- The Washington Times - Monday, January 28, 2019

Two senators on Monday introduced legislation that would make public special counsel Robert Mueller’s eventual findings on Russian meddling in the 2016 election.

Sen. Richard Blumenthal, Connecticut Democrat, and Chuck Grassley, Iowa Republican, introduced the bipartisan legislation that would require all future special counsel findings to be made public. Under the legislation, the findings would be made public once a probe ends or in the event a special counsel is fired or resigns.

“A special counsel is appointed only in rare serious circumstances involving grave violations of public trust,” the senators said in a joint statement. “The public has a right and need to know the facts of such betrayals of public trust.”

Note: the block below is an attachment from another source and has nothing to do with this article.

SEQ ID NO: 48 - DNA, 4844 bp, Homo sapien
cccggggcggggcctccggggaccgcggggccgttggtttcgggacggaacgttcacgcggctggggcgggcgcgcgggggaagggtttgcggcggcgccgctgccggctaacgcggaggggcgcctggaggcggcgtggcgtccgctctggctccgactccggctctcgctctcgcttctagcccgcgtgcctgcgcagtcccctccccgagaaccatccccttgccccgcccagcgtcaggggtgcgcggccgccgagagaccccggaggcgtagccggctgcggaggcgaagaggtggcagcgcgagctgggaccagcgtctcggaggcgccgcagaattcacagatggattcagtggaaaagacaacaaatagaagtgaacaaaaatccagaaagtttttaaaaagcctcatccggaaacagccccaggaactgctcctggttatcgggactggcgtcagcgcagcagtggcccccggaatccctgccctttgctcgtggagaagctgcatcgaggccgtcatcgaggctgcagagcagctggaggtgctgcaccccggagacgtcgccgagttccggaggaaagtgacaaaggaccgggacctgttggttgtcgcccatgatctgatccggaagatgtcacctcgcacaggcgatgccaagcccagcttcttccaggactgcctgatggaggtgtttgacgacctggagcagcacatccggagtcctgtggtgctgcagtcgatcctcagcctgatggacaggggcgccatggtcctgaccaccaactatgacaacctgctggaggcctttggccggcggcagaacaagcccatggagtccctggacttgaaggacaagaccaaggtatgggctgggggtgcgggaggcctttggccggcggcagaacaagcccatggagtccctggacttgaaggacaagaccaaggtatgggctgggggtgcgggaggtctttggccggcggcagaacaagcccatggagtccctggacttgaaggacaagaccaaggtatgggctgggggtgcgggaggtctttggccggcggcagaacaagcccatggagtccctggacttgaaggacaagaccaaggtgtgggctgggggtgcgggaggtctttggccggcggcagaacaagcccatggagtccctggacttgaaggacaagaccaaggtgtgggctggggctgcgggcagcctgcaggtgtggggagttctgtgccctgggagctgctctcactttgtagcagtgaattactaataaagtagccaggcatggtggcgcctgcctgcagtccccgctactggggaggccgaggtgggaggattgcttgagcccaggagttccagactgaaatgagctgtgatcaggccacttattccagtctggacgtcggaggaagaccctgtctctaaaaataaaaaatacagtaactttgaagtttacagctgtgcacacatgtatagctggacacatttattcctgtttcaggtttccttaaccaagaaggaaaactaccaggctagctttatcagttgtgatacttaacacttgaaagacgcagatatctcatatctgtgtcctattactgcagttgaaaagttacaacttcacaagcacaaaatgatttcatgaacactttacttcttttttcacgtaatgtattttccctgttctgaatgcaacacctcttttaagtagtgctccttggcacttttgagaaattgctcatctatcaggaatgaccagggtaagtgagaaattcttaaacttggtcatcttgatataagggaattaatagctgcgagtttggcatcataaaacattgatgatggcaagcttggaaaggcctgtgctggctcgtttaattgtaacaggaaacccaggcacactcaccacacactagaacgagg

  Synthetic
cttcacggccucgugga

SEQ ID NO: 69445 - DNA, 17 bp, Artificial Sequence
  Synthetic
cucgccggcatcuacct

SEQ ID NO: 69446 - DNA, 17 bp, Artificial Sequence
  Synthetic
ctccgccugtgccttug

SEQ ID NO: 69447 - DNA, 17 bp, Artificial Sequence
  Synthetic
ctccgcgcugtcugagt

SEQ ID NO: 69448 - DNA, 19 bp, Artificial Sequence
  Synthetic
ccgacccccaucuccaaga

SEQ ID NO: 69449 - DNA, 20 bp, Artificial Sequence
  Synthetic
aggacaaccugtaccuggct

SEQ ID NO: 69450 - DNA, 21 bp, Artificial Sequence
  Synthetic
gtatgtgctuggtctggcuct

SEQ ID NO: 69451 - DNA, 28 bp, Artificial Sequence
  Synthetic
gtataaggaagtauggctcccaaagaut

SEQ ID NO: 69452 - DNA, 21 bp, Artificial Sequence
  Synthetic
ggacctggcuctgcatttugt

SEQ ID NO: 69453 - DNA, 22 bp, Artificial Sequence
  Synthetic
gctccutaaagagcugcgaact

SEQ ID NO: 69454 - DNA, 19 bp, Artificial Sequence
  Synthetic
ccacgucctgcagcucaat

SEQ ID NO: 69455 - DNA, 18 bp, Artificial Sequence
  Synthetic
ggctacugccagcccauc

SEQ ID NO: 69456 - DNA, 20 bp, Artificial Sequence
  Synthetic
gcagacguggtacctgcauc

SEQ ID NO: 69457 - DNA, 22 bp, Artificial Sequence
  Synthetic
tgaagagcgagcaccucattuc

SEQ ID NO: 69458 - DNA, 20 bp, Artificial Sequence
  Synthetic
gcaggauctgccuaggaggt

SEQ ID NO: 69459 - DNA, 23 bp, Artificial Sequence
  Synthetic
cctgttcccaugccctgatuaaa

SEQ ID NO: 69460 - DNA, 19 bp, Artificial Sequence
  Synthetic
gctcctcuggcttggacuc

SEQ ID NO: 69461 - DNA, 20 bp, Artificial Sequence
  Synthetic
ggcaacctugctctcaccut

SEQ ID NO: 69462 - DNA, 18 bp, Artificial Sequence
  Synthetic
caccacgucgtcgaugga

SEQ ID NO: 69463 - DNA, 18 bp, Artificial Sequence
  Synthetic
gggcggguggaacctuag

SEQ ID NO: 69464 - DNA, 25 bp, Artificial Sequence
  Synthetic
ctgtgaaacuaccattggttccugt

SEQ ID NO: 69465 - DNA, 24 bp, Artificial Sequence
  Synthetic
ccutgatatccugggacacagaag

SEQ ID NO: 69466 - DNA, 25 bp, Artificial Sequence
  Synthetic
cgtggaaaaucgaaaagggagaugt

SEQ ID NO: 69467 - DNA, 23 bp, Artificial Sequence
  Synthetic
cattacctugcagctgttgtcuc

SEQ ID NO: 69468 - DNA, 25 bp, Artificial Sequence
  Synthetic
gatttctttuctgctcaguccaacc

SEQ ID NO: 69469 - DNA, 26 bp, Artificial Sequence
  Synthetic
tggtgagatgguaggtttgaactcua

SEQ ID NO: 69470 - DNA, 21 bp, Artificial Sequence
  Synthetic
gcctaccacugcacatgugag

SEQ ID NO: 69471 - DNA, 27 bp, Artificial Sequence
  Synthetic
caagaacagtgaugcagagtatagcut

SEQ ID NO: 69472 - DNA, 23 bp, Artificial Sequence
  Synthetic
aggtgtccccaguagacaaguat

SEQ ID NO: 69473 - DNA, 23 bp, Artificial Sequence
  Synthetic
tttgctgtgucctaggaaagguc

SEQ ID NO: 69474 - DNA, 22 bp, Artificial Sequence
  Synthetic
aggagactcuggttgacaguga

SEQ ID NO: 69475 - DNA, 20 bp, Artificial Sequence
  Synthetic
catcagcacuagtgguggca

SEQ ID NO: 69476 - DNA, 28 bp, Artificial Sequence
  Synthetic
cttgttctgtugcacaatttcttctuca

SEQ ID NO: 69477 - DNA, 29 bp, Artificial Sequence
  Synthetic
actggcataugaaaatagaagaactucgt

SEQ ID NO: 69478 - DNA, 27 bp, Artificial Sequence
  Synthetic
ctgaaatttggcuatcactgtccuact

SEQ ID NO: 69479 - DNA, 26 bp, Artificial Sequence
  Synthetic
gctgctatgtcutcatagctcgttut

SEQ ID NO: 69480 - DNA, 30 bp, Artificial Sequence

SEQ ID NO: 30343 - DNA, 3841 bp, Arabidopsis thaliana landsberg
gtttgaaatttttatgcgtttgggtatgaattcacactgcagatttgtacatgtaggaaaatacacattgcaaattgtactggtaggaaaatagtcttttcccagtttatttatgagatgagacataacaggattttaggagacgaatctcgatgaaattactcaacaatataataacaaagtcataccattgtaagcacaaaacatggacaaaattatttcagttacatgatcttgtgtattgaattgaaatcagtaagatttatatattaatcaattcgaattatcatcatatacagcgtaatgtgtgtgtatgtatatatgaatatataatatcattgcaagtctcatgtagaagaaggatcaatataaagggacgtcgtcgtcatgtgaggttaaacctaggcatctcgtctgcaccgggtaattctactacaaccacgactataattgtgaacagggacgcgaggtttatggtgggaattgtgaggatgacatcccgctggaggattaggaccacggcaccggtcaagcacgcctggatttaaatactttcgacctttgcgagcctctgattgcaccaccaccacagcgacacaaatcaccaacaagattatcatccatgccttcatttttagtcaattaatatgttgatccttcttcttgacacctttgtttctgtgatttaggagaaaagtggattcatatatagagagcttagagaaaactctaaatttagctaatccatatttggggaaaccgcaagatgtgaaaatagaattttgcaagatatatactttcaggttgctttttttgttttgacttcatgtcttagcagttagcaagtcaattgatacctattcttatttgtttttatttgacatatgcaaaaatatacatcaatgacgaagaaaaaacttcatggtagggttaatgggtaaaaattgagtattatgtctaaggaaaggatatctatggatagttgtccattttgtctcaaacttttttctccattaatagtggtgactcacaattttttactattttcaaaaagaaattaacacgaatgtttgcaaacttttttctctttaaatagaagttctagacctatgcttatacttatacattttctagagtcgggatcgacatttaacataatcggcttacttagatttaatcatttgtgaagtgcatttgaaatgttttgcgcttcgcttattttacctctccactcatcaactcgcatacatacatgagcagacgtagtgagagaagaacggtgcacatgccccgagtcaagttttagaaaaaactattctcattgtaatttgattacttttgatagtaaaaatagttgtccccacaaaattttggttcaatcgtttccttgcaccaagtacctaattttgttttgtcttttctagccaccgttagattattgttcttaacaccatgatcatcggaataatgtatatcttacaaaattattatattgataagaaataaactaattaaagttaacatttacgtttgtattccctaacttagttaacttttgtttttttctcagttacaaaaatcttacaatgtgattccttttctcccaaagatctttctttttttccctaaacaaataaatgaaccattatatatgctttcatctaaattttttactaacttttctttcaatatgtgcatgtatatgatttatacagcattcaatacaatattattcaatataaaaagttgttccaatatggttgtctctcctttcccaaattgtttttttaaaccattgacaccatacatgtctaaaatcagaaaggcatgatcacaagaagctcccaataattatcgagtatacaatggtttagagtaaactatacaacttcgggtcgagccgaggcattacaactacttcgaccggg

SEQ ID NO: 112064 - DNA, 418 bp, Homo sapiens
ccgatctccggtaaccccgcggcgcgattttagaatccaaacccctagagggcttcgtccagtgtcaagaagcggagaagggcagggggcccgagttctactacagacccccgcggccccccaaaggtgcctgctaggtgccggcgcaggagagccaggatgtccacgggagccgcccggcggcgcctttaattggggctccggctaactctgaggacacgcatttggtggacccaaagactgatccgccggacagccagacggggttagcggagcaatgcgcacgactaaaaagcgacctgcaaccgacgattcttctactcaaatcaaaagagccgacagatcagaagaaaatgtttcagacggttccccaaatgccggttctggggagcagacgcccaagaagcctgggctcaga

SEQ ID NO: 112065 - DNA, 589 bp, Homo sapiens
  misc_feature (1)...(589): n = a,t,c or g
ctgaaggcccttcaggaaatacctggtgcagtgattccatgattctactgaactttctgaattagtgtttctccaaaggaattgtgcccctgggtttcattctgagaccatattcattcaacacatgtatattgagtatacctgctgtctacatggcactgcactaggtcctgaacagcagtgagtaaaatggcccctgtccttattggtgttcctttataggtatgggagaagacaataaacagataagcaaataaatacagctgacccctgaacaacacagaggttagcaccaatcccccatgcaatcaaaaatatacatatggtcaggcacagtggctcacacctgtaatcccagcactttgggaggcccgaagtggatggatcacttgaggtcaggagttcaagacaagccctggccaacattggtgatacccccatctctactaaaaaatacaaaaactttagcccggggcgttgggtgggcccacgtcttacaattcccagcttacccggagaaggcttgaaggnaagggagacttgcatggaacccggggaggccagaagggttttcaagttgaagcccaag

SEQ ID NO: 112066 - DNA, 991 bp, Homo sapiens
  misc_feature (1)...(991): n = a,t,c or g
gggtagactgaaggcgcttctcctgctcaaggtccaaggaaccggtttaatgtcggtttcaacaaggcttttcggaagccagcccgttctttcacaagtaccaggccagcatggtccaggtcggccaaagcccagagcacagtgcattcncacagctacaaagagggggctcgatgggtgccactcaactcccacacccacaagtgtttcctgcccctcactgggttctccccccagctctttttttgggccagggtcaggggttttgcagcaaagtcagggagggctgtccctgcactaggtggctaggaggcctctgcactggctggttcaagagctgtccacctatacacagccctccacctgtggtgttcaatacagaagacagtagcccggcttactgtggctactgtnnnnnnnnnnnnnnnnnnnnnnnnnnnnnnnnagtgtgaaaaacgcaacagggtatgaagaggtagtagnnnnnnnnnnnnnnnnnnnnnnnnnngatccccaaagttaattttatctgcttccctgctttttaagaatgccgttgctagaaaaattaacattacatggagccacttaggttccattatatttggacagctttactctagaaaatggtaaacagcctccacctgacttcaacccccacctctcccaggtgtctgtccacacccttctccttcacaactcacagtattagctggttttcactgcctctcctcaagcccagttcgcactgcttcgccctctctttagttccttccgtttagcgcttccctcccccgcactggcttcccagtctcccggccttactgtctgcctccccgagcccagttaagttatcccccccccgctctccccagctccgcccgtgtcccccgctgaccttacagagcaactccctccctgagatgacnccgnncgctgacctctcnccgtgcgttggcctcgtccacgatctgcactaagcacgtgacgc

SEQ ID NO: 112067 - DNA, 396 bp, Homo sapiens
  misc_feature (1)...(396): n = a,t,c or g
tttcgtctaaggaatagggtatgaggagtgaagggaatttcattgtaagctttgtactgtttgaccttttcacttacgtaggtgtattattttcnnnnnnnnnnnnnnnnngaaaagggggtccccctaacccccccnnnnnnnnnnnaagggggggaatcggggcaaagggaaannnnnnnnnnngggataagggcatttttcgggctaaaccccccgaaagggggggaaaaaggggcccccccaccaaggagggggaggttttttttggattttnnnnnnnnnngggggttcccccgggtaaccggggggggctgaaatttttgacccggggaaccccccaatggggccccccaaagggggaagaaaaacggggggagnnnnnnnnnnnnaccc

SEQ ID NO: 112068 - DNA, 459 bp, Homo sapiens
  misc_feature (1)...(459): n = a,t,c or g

Dubbed the Special Counsel Transparency Act, the legislation would require a special counsel to turn over their findings within two weeks. The special counsel must include “all factual findings and underlying evidence.” An unclassified version would then be released to the public.

The legislation comes after attorney general nominee William Barr hedged last week when asked if he would publicly release Mr. Mueller’s final conclusions.

Mr. Barr told members of the Senate Judiciary Committee that he wanted to be as transparent as possible, but refused to give a firm commitment to releasing the entire report.

“I can assure you that, where judgments are to be made, I will make those judgments based solely on the law and I will not let personal, political or other improper interests influence my decision,” he said.

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